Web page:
Prisons are reforming but disturbing aspects of previous culture remain

Much progress has been made by the Prison Service since former probation and welfare chief Michael Donnellan took over

Where CCTV is not relevant or available, and where foul play may be a factor in a serious incident, the entire oversight of the prison system is grounded in testing the written records generated all day every day by staff. Photograph: Cyril Byrne

Where CCTV is not relevant or available, and where foul play may be a factor in a serious incident, the entire oversight of the prison system is grounded in testing the written records generated all day every day by staff. Photograph: Cyril Byrne

 

Last year, a man serving a lengthy prison sentence was found dead in his cell in a Dublin jail. Having long suffered from ill health, there was no suggestion of foul play in his passing.

However, when the Inspector of Prisons Judge Michael Reilly investigated, as he is obliged to for all prison deaths, some worrying features emerged.

The dead man was a special observation prisoner, meaning he should have been checked every 15-20 minutes through the night in question.

When the written records of that night’s duty were consulted, all seemed in order to Judge Reilly. However, when he viewed the CCTV footage of the area where the deceased’s cell was situated, a very different picture emerged, according to his report into the case.

Checks were much more lax than the written records of that night had suggested to Judge Reilly.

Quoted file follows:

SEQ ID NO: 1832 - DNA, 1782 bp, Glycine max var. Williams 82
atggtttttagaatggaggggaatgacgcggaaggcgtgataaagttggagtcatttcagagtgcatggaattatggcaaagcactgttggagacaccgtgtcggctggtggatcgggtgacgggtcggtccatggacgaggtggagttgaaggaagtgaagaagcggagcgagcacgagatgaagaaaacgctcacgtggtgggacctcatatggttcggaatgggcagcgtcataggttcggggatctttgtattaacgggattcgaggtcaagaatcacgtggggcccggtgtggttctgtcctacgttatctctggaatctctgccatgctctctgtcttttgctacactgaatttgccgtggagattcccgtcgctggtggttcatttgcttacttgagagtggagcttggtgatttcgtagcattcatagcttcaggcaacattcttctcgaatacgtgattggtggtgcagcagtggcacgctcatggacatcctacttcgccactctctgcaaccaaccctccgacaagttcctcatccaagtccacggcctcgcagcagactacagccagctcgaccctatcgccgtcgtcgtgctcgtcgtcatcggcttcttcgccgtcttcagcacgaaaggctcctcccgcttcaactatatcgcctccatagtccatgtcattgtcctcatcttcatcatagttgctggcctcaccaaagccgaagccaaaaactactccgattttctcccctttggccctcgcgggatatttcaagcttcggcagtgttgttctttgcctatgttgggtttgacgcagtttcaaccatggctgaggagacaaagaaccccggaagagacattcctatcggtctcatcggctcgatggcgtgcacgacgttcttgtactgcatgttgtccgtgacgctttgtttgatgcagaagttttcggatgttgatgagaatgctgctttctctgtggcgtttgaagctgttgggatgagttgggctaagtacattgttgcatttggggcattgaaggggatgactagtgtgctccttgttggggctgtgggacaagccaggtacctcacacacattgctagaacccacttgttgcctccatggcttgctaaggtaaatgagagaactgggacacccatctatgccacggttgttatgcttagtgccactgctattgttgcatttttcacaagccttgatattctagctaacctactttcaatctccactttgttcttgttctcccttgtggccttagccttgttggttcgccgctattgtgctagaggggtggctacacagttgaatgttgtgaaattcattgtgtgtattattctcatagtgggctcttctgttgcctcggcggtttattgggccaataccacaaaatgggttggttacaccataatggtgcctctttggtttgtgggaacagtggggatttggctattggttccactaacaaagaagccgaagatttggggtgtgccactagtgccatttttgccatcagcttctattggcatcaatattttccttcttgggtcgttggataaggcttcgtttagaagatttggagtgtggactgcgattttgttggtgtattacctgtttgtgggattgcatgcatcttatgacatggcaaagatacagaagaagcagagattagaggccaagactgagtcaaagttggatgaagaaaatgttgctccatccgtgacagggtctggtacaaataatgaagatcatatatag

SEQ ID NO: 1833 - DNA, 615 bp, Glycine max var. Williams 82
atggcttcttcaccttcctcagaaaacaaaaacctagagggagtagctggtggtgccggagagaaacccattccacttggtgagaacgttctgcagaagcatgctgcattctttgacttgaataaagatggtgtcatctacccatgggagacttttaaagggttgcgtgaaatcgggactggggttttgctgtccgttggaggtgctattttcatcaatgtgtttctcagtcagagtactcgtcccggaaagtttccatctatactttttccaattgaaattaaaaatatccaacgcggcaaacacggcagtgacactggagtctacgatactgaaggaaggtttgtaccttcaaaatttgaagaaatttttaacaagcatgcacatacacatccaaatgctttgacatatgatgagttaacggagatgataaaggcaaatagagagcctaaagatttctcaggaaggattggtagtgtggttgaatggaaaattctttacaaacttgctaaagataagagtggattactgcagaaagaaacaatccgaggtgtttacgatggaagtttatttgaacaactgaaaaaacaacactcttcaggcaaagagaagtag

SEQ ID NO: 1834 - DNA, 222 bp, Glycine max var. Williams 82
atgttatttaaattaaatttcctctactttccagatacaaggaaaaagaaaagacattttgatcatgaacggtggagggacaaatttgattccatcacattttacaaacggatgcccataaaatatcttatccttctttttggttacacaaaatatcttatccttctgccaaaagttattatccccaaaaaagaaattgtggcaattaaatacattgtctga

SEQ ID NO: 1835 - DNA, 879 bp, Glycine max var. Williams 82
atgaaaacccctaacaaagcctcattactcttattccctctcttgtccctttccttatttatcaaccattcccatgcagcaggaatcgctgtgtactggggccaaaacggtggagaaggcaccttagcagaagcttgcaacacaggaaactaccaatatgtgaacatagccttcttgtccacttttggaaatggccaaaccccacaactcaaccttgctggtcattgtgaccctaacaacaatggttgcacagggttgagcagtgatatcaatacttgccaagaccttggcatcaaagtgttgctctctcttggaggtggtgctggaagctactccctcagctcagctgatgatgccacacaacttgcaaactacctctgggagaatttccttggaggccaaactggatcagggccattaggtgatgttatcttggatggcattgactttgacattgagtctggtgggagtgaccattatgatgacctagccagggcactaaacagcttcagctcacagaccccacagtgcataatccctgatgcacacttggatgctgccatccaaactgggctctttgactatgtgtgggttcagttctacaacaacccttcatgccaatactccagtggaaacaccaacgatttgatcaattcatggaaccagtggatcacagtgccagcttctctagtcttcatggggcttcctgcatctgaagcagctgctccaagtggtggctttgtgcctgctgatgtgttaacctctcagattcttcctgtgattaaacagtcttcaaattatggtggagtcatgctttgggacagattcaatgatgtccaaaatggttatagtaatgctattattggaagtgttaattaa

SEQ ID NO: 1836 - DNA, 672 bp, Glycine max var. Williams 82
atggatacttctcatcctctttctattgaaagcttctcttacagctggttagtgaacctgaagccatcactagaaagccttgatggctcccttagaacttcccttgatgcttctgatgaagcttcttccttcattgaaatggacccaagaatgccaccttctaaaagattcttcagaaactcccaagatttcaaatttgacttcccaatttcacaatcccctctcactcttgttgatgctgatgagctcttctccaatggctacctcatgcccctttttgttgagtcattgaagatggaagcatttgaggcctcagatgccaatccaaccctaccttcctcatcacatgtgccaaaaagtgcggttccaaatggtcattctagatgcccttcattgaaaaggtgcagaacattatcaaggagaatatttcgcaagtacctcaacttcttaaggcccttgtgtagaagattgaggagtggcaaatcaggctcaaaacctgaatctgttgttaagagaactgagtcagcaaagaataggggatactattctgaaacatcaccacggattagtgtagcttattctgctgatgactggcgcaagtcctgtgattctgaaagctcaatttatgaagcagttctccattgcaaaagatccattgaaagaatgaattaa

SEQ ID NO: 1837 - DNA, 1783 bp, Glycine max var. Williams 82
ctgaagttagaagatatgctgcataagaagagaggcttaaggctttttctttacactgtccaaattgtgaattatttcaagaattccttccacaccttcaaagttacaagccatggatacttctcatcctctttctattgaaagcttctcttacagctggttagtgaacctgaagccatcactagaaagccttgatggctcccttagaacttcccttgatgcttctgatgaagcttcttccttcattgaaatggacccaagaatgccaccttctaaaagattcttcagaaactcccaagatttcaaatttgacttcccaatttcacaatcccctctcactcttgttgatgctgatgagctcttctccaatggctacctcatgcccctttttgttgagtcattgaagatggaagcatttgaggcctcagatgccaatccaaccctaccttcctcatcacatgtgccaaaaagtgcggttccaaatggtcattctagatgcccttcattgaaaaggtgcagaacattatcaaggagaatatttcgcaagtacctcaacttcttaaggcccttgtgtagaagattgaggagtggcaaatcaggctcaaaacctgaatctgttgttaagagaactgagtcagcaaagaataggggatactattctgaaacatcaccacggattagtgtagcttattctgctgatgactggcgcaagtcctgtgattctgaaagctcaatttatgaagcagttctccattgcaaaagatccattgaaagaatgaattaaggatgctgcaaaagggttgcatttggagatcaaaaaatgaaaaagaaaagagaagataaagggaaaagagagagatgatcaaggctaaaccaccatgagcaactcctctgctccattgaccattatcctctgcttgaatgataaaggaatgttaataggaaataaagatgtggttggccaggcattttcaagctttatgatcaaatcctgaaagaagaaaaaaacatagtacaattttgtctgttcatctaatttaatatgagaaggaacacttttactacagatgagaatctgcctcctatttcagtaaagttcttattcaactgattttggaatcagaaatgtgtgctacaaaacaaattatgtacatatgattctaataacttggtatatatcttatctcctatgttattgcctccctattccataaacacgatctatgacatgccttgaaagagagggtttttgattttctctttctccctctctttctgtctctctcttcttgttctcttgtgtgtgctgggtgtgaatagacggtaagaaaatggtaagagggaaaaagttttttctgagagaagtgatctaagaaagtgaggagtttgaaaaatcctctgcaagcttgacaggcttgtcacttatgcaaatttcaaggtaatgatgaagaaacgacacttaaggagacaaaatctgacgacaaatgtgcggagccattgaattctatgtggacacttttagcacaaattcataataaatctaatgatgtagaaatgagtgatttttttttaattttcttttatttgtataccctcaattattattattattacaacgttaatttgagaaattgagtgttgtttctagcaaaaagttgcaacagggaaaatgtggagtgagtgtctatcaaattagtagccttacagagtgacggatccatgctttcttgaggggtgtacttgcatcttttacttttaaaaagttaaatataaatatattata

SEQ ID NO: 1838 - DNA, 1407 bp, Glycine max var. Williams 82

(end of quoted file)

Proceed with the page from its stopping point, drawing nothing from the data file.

From the time the prisoner was locked into his cell for the night until he was found unresponsive the next morning, the deceased should have been checked on at least 38 times.

The footage revealed just 12 checks. During one period, some 84 minutes elapsed between checks. When the alarm was raised in the morning, the deceased was past the stage where trying to revive him was even an option.

His body was then removed from his cell before the Garda Síochána arrived to review the remains in situ.

Judge Reilly subsequently requested the names of all of those prisoners the deceased had been in contact with, but he did not get them. He concluded that “prison management did not fulfil its obligations” in furnishing information to him.

“Statements and reports generated by the prison personnel and submitted to me were in certain instances incomplete and at times inaccurate,” he noted.

In this case the fact procedures were not followed was exposed by the CCTV recording.

But in other cases where CCTV is not relevant or available, and where foul play may be a factor in a serious incident, the entire oversight of the prison system is grounded in testing the written records generated all day every day by staff.

Any effort to alter, mislead, fabricate or even render records and reports incomplete is a serious act against the independent oversight system established to drag what was once a Dickensian, inhumane and cruel prison regime into the modern era.

Much progress has been made by the prison service since former probation and welfare chief Michael Donnellan took over as director general three years ago.

But again and again Judge Reilly has complained of incomplete and misleading paperwork.

Some staff apparently remain of the belief the new system of accountability and the new commitment to safeguard the rights of often weak and vulnerable prisoners does not apply to them. It is one part of the culture the prison service must redouble its efforts to reform.